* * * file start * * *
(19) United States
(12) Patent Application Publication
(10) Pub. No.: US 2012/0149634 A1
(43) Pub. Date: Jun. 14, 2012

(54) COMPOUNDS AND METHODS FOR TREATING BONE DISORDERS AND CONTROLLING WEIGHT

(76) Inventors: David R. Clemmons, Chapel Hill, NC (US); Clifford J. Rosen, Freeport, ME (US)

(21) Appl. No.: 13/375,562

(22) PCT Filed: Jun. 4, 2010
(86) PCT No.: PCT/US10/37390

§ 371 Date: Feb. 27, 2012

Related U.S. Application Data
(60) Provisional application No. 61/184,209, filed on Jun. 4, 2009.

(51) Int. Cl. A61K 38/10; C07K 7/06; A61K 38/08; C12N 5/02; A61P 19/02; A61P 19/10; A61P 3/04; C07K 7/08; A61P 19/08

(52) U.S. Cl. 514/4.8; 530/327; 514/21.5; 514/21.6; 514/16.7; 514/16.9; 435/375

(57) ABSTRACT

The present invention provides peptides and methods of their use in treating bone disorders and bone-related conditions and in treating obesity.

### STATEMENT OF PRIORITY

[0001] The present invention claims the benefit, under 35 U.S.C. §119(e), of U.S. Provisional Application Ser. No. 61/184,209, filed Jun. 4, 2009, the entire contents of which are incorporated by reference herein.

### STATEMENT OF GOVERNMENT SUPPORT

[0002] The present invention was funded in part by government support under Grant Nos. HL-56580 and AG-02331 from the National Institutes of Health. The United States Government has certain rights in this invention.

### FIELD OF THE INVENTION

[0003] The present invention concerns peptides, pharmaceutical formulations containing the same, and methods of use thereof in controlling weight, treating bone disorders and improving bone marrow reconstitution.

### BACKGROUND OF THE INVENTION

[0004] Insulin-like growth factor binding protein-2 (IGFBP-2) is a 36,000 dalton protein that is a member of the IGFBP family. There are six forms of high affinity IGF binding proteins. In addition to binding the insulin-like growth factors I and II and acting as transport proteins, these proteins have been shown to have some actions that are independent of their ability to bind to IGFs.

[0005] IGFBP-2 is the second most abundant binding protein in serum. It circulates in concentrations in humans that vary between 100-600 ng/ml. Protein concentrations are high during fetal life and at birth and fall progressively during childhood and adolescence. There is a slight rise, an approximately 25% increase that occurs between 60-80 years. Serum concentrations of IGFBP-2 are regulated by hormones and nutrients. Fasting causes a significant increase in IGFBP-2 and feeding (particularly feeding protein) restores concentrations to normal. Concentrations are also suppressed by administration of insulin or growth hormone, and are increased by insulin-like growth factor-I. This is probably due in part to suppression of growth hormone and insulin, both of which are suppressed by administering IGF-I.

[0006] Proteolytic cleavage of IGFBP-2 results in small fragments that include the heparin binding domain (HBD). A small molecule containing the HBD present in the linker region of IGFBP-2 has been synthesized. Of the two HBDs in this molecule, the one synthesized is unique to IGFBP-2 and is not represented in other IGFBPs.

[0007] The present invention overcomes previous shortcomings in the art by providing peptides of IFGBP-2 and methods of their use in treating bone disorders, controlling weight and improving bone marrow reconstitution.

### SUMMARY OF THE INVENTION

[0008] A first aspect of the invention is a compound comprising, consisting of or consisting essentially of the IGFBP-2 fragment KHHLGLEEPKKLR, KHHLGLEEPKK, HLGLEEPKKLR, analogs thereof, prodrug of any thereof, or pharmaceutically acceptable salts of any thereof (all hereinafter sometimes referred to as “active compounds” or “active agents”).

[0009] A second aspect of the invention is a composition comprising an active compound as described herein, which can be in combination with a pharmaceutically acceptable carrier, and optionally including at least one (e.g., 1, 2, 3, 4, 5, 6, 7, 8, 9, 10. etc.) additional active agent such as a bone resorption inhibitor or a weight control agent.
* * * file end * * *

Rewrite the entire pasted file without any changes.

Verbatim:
(19) United States
(12) Patent Application Publication
(10) Pub. No.: US 2012/0149634 A1
(43) Pub. Date: Jun. 14, 2012

(54) COMPOUNDS AND METHODS FOR TREATING BONE DISORDERS AND CONTROLLING WEIGHT

(76) Inventors: David R. Clemmons, Chapel Hill, NC (US); Clifford J. Rosen, Freeport, ME (US)

(21) Appl. No.: 13/375,562

(22) PCT Filed: Jun. 4, 2010
(86) PCT No.: PCT/US10/37390

§ 371 Date: Feb. 27, 2012

Related U.S. Application Data
(60) Provisional application No. 61/184,209, filed on Jun. 4, 2009.

(51) Int. Cl. A61K 38/10; C07K 7/06; A61K 38/08; C12N 5/02; A61P 19/02; A61P 19/10; A61P 3/04; C07K 7/08; A61P 19/08

(52) U.S. Cl. 514/4.8; 530/327; 514/21.5; 514/21.6; 514/16.7; 514/16.9; 435/375

(57) ABSTRACT

The present invention provides peptides and methods of their use in treating bone disorders and bone-related conditions and in treating obesity.

### STATEMENT OF PRIORITY

[0001] The present invention claims the benefit, under 35 U.S.C. §119(e), of U.S. Provisional Application Ser. No. 61/184,209, filed Jun. 4, 2009, the entire contents of which are incorporated by reference herein.

### STATEMENT OF GOVERNMENT SUPPORT

[0002] The present invention was funded in part by government support under Grant Nos. HL-56580 and AG-02331 from the National Institutes of Health. The United States Government has certain rights in this invention.

### FIELD OF THE INVENTION

[0003] The present invention concerns peptides, pharmaceutical formulations containing the same, and methods of use thereof in controlling weight, treating bone disorders and improving bone marrow reconstitution.

### BACKGROUND OF THE INVENTION

[0004] Insulin-like growth factor binding protein-2 (IGFBP-2) is a 36,000 dalton protein that is a member of the IGFBP family. There are six forms of high affinity IGF binding proteins. In addition to binding the insulin-like growth factors I and II and acting as transport proteins, these proteins have been shown to have some actions that are independent of their ability to bind to IGFs.

[0005] IGFBP-2 is the second most abundant binding protein in serum. It circulates in concentrations in humans that vary between 100-600 ng/ml. Protein concentrations are high during fetal life and at birth and fall progressively during childhood and adolescence. There is a slight rise, an approximately 25% increase that occurs between 60-80 years. Serum concentrations of IGFBP-2 are regulated by hormones and nutrients. Fasting causes a significant increase in IGFBP-2 and feeding (particularly feeding protein) restores concentrations to normal. Concentrations are also suppressed by administration of insulin or growth hormone, and are increased by insulin-like growth factor-I. This is probably due in part to suppression of growth hormone and insulin, both of which are suppressed by administering IGF-I.

[0006] Proteolytic cleavage of IGFBP-2 results in small fragments that include the heparin binding domain (HBD). A small molecule containing the HBD present in the linker region of IGFBP-2 has been synthesized. Of the two HBDs in this molecule, the one synthesized is unique to IGFBP-2 and is not represented in other IGFBPs.

[0007] The present invention overcomes previous shortcomings in the art by providing peptides of IFGBP-2 and methods of their use in treating bone disorders, controlling weight and improving bone marrow reconstitution.

### SUMMARY OF THE INVENTION

[0008] A first aspect of the invention is a compound comprising, consisting of or consisting essentially of the IGFBP-2 fragment KHHLGLEEPKKLR, KHHLGLEEPKK, HLGLEEPKKLR, analogs thereof, prodrug of any thereof, or pharmaceutically acceptable salts of any thereof (all hereinafter sometimes referred to as “active compounds” or “active agents”).

[0009] A second aspect of the invention is a composition comprising an active compound as described herein, which can be in combination with a pharmaceutically acceptable carrier, and optionally including at least one (e.g., 1, 2, 3, 4, 5, 6, 7, 8, 9, 10. etc.) additional active agent such as a bone resorption inhibitor or a weight control agent.